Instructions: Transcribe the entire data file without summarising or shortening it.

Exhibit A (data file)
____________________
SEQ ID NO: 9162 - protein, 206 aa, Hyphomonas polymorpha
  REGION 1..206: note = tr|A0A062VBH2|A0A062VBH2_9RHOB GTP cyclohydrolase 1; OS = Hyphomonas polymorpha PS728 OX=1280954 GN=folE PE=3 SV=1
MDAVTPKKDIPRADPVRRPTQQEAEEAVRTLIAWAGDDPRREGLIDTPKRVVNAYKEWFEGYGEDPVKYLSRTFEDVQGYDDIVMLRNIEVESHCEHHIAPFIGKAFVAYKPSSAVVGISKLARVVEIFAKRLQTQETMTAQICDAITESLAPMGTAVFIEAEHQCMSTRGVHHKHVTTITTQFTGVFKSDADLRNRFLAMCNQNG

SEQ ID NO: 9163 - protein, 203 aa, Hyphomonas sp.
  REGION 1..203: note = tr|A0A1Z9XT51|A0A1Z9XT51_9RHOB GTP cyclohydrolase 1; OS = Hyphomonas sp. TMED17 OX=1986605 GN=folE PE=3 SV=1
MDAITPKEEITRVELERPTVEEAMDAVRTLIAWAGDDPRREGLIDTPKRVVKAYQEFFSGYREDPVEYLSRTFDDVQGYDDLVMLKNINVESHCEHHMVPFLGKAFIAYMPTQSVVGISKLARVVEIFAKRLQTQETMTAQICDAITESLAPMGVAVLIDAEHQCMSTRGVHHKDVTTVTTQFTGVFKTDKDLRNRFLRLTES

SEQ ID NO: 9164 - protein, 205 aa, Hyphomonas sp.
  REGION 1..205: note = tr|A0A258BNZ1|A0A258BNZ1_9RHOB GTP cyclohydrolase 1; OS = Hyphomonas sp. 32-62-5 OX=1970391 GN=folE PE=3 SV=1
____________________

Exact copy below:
SEQ ID NO: 9162 - protein, 206 aa, Hyphomonas polymorpha
  REGION 1..206: note = tr|A0A062VBH2|A0A062VBH2_9RHOB GTP cyclohydrolase 1; OS = Hyphomonas polymorpha PS728 OX=1280954 GN=folE PE=3 SV=1
MDAVTPKKDIPRADPVRRPTQQEAEEAVRTLIAWAGDDPRREGLIDTPKRVVNAYKEWFEGYGEDPVKYLSRTFEDVQGYDDIVMLRNIEVESHCEHHIAPFIGKAFVAYKPSSAVVGISKLARVVEIFAKRLQTQETMTAQICDAITESLAPMGTAVFIEAEHQCMSTRGVHHKHVTTITTQFTGVFKSDADLRNRFLAMCNQNG

SEQ ID NO: 9163 - protein, 203 aa, Hyphomonas sp.
  REGION 1..203: note = tr|A0A1Z9XT51|A0A1Z9XT51_9RHOB GTP cyclohydrolase 1; OS = Hyphomonas sp. TMED17 OX=1986605 GN=folE PE=3 SV=1
MDAITPKEEITRVELERPTVEEAMDAVRTLIAWAGDDPRREGLIDTPKRVVKAYQEFFSGYREDPVEYLSRTFDDVQGYDDLVMLKNINVESHCEHHMVPFLGKAFIAYMPTQSVVGISKLARVVEIFAKRLQTQETMTAQICDAITESLAPMGVAVLIDAEHQCMSTRGVHHKDVTTVTTQFTGVFKTDKDLRNRFLRLTES

SEQ ID NO: 9164 - protein, 205 aa, Hyphomonas sp.
  REGION 1..205: note = tr|A0A258BNZ1|A0A258BNZ1_9RHOB GTP cyclohydrolase 1; OS = Hyphomonas sp. 32-62-5 OX=1970391 GN=folE PE=3 SV=1